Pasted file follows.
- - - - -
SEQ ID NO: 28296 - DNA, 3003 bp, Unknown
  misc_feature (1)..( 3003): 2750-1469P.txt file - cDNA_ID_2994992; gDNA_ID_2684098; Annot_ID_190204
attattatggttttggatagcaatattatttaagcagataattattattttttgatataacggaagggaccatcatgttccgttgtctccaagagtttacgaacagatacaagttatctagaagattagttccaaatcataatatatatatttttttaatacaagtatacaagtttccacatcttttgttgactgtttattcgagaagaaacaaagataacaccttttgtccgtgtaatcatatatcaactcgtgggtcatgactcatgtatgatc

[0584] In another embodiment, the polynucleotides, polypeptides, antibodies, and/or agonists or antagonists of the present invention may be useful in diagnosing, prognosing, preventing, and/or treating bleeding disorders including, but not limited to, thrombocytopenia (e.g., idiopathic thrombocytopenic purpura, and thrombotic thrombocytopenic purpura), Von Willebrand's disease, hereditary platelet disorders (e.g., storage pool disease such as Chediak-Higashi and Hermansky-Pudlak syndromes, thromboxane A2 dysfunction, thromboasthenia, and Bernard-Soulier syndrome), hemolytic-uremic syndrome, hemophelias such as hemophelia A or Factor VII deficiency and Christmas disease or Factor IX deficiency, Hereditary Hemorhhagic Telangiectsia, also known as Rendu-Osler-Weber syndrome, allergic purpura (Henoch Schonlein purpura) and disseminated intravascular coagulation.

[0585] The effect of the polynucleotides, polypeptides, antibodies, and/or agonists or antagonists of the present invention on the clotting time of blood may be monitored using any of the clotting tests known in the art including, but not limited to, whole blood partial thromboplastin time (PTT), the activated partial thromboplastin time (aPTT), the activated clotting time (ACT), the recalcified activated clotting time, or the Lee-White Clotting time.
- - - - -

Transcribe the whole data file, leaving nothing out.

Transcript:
SEQ ID NO: 28296 - DNA, 3003 bp, Unknown
  misc_feature (1)..( 3003): 2750-1469P.txt file - cDNA_ID_2994992; gDNA_ID_2684098; Annot_ID_190204
attattatggttttggatagcaatattatttaagcagataattattattttttgatataacggaagggaccatcatgttccgttgtctccaagagtttacgaacagatacaagttatctagaagattagttccaaatcataatatatatatttttttaatacaagtatacaagtttccacatcttttgttgactgtttattcgagaagaaacaaagataacaccttttgtccgtgtaatcatatatcaactcgtgggtcatgactcatgtatgatc

[0584] In another embodiment, the polynucleotides, polypeptides, antibodies, and/or agonists or antagonists of the present invention may be useful in diagnosing, prognosing, preventing, and/or treating bleeding disorders including, but not limited to, thrombocytopenia (e.g., idiopathic thrombocytopenic purpura, and thrombotic thrombocytopenic purpura), Von Willebrand's disease, hereditary platelet disorders (e.g., storage pool disease such as Chediak-Higashi and Hermansky-Pudlak syndromes, thromboxane A2 dysfunction, thromboasthenia, and Bernard-Soulier syndrome), hemolytic-uremic syndrome, hemophelias such as hemophelia A or Factor VII deficiency and Christmas disease or Factor IX deficiency, Hereditary Hemorhhagic Telangiectsia, also known as Rendu-Osler-Weber syndrome, allergic purpura (Henoch Schonlein purpura) and disseminated intravascular coagulation.

[0585] The effect of the polynucleotides, polypeptides, antibodies, and/or agonists or antagonists of the present invention on the clotting time of blood may be monitored using any of the clotting tests known in the art including, but not limited to, whole blood partial thromboplastin time (PTT), the activated partial thromboplastin time (aPTT), the activated clotting time (ACT), the recalcified activated clotting time, or the Lee-White Clotting time.